Alluvial Fund commentary for the second quarter ended June 2020, discussing the virtures of a negative working capital cycle.
Alluvial Fund rose 14.8% in the second quarter, recouping most of the first quarter’s losses. As I write in late July, the fund has reached approximately break-even for the year while small-cap and micro-cap indexes remain down by double digit percentages, with “value” indexes faring significantly worse. While break-even is certainly not an exciting result, I am happy to have succeeded in preserving our capital amidst a thoroughly dispiriting environment for investors in small companies and less liquid securities..
Most of our portfolio holdings are showing strong resilience in the face of the economic slowdown. Those that have been stung by the pandemic have the operational flexibility and balance sheet strength to manage through the downturn. Just as our often unlisted, often thinly-traded holdings tend to outperform when fear and panic rule the day, they tend to lag when euphoria reigns. As market indexes roared from March’s lows, many of the companies in our universe experienced only a modest bounce, or none at all. I am reminded of the months and years following the financial crisis of 2008, where investors only slowly regained the confidence needed to purchase lesserknown securities despite the economic and market recovery taking place. Of course, brave souls who were willing to buy these shares were amply rewarded in due time. I continue to seek out the best of these opportunities for Alluvial Fund.
In most of these letters, I highlight a few holdings that are new, or have reported substantial business developments since my last communication. I thought partners would appreciate me taking a more comprehensive approach in this letter and providing a run-down of all the fund’s materially-sized positions. I believe each of these companies is dramatically under-valued either on its present-day assets and cash flows, or on a conservative estimate of the present value of all growth and reinvestment opportunities.
P10 Holdings continues to be the fund’s largest position. I added to our position when shares fell to $1.50 during March’s panic. With fears of economic catastrophe fading, P10 shares have since soared to new highs. I believe P10 shares are currently worth between $3.50 and $4.00, and potentially far more in future years depending on the company’s ability to acquire additional highmargin, predictable fee streams from alternative investments managers. COVID-19 has not slowed down P10’s ability to form relationships with new clients. In May, P10 subsidiary RCP Advisors won a mandate from a Dutch pension group to invest $500 million over five years.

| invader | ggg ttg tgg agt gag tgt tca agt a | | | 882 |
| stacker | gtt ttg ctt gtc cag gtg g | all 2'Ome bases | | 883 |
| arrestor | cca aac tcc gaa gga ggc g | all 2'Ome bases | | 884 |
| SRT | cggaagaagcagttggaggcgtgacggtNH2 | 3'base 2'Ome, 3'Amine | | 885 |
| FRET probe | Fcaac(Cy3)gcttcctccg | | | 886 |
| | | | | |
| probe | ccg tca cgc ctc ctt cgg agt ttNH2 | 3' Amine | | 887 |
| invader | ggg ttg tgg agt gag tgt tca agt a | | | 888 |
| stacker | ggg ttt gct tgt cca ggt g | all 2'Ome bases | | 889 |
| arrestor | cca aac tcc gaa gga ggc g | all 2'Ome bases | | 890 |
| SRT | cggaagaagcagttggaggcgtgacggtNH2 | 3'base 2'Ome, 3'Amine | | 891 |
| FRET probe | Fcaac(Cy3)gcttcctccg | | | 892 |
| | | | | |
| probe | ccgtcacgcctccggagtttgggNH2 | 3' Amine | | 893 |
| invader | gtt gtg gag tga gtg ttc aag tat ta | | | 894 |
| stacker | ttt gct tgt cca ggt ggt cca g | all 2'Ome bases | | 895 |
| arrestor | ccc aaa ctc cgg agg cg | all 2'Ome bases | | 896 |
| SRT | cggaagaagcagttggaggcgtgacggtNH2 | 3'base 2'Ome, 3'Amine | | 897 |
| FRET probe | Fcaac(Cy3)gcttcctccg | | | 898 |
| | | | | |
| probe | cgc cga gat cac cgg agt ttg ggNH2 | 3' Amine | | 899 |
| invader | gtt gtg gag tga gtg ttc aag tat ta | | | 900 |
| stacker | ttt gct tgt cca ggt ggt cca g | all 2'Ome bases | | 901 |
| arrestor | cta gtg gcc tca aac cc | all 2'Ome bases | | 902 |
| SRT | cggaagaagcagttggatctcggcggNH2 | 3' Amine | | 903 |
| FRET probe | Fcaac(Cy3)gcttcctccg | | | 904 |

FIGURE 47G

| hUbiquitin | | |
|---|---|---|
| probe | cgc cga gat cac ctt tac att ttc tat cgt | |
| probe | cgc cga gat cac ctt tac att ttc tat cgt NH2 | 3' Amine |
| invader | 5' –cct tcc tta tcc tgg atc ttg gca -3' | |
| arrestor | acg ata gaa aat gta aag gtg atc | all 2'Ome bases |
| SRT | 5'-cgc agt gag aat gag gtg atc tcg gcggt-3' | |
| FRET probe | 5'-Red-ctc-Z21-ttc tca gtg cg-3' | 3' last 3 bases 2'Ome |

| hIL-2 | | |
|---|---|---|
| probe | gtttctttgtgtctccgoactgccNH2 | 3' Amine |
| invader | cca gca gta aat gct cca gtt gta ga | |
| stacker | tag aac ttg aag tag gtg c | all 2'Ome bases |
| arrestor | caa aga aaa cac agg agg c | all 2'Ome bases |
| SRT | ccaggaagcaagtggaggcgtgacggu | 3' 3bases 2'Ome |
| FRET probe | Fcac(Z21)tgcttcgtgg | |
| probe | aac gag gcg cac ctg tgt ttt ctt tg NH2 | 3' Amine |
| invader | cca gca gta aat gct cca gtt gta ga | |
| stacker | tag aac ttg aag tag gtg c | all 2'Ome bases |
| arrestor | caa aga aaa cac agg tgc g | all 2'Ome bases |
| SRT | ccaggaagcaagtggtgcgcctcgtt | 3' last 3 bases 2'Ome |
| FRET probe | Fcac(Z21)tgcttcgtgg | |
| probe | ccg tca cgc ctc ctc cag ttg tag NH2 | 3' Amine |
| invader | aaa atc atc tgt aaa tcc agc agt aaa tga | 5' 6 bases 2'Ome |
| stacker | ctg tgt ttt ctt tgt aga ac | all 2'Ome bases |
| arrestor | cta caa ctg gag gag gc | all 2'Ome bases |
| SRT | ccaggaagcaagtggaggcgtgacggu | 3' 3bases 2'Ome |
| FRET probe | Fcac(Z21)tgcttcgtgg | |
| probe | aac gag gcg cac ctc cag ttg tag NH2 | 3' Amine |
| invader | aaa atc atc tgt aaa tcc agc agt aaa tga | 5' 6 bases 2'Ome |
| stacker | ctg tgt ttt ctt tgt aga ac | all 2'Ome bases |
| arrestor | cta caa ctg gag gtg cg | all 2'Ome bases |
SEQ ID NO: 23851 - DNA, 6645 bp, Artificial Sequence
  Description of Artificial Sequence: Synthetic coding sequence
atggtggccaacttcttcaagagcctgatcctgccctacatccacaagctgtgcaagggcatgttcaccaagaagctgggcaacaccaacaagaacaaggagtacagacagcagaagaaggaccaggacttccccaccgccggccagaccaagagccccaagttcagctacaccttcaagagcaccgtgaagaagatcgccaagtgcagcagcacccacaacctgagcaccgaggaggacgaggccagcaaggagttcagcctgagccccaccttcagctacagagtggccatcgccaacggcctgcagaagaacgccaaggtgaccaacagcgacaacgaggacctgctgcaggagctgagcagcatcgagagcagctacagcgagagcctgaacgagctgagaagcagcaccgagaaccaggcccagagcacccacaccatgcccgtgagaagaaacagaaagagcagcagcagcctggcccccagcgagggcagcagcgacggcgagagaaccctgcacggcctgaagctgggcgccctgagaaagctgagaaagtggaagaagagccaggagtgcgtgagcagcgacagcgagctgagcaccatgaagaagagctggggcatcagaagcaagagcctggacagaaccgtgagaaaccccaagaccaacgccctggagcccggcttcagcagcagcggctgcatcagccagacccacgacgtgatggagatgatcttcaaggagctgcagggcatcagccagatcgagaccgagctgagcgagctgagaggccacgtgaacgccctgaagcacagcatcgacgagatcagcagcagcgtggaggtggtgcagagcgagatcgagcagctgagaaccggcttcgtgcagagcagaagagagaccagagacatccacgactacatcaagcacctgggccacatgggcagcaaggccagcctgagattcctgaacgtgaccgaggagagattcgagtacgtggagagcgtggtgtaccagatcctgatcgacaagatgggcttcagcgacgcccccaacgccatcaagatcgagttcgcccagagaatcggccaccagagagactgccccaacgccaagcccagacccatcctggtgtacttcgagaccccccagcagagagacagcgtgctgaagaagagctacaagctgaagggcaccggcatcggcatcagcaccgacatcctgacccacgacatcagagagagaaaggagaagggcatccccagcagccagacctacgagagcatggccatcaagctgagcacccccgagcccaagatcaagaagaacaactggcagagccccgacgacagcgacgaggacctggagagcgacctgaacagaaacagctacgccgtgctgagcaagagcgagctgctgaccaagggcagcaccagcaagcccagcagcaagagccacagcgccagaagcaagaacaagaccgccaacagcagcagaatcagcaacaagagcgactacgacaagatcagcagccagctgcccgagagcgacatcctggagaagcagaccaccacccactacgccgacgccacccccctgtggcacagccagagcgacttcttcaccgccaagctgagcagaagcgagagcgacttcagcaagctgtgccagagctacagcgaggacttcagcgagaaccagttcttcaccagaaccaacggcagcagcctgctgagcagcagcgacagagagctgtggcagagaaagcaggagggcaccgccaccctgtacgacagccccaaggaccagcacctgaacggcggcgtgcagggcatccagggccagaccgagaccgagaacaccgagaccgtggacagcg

Intred SpA is (thus far) our most successful discovery from the Borsa Italiana’s AIM segment. Shares have more than tripled since our initial purchases. This fiber-optic network operator continues to sign up new clients for its ultra-high-speed network, and recently acquired a competitor. The company is no longer an obvious value based on free cash flow yield, but Intred continues to enjoy a strong set of investment opportunities, both internal and external. What’s more, Intred has created a negative working capital cycle where it gets paid in advance for its services, effectively creating investment “float” and subsidizing its investment needs. I have become increasingly interested in firms with sustainably negative working capital positions. More on the topic later in this letter. Intred Shares remain attractive under €10.
Bredband2 i Skandinavien continues to thrive as a low-cost provider of high-speed internet in Sweden. Unlike Intred, Bredband2 is largely non-asset-based, providing its services on networks owned by other parties. Like Intred, Bredband2 generates substantial cash from advance payments by customers. The magnitude of these payments allows Bredband2 to operate with negative invested capital and fund all its capex needs from customer pre-payments. Astonishing. Bredband2 is a bargain below SEK 2.00 per share, though I would be hesitant to sell our shares even at that level based on the company’s long runway for growth and rare cash flow characteristics.
Following Bredband2 is LICT Corporation. LICT is in prime position in the telecom industry. LICT has invested heavily over the years and now boasts a fiber-heavy, state-of-the-art network that is well-positioned to deliver broadband to rural Americans for decades to come. The company enjoys a substantial net cash position, enabling it to return virtually all its earnings to shareholders via share repurchases. I wrote about LICT in a little more detail on OTC Adventures recently. Shares are conservatively worth $25,000, a figure that will only grow as the company companies to shrink its share count.